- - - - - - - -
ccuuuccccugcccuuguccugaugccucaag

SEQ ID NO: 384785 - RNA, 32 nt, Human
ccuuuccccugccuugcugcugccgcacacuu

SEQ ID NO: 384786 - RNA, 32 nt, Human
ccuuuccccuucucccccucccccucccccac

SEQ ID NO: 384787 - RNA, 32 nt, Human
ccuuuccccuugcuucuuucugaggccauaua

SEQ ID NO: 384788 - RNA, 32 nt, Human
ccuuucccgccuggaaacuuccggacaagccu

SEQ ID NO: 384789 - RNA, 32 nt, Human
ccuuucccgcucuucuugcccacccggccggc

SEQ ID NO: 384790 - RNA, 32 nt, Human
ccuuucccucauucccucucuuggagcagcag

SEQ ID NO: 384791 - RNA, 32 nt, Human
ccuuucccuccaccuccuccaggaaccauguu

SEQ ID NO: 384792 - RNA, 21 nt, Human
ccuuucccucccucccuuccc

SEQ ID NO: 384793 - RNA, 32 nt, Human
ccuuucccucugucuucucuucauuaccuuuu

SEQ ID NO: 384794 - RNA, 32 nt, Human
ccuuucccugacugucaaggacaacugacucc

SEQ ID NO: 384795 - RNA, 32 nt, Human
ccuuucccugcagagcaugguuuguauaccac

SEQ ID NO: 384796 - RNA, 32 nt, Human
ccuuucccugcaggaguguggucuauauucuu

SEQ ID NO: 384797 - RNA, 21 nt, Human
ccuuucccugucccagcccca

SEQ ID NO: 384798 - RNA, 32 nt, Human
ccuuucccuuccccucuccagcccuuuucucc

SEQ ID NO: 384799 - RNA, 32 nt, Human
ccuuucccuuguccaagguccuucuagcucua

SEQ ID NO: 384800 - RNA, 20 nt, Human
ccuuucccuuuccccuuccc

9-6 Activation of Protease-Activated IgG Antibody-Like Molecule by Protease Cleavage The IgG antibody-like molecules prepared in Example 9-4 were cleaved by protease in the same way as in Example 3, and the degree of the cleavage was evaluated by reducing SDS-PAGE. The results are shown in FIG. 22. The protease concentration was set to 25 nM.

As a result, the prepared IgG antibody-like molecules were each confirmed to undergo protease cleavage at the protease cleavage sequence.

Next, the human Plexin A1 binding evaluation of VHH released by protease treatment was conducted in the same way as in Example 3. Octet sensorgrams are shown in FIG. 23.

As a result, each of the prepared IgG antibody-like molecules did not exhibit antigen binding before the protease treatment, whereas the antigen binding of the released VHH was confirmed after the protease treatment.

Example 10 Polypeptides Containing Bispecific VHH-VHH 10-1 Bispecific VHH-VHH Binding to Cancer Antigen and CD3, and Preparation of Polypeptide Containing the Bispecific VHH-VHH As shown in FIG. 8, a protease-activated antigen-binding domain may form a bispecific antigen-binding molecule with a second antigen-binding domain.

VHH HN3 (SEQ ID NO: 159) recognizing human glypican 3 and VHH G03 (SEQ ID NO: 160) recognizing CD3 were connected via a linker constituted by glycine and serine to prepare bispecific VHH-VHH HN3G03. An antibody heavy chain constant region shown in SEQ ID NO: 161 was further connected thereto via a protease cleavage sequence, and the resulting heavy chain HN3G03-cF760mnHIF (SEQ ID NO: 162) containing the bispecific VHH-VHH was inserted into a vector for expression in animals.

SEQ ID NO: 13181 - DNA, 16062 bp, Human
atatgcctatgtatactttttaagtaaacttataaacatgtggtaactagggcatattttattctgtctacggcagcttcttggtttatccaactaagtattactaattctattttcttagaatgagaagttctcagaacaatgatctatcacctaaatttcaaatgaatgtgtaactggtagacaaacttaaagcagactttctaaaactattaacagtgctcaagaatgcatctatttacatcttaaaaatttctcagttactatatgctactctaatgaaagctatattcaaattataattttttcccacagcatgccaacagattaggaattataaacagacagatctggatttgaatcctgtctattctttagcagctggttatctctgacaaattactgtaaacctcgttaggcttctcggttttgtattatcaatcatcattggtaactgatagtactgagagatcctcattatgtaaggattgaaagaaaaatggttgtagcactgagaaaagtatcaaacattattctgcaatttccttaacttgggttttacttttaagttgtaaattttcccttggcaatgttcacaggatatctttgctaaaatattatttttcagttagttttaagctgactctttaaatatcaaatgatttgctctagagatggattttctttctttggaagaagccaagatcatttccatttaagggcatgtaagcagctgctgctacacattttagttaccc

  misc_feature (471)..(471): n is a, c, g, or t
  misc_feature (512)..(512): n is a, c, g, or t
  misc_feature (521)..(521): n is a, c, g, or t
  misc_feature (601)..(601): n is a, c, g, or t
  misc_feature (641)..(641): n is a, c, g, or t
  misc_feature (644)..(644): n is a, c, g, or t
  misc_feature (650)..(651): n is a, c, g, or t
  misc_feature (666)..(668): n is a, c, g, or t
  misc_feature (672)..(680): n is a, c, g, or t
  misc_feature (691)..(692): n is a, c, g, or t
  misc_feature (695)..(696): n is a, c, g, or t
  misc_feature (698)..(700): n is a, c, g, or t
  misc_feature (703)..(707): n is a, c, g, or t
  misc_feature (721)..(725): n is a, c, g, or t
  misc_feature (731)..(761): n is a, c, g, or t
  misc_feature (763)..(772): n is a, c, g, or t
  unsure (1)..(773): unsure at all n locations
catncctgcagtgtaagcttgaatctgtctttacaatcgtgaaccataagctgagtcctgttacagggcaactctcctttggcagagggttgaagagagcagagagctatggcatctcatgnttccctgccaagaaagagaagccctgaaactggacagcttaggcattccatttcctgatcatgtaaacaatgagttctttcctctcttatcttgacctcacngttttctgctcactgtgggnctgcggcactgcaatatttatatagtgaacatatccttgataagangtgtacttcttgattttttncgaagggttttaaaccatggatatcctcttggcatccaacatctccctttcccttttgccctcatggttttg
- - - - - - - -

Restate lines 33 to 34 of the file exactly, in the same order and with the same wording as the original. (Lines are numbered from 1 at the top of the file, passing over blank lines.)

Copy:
ccuuucccuuuccccuuccc

9-6 Activation of Protease-Activated IgG Antibody-Like Molecule by Protease Cleavage The IgG antibody-like molecules prepared in Example 9-4 were cleaved by protease in the same way as in Example 3, and the degree of the cleavage was evaluated by reducing SDS-PAGE. The results are shown in FIG. 22. The protease concentration was set to 25 nM.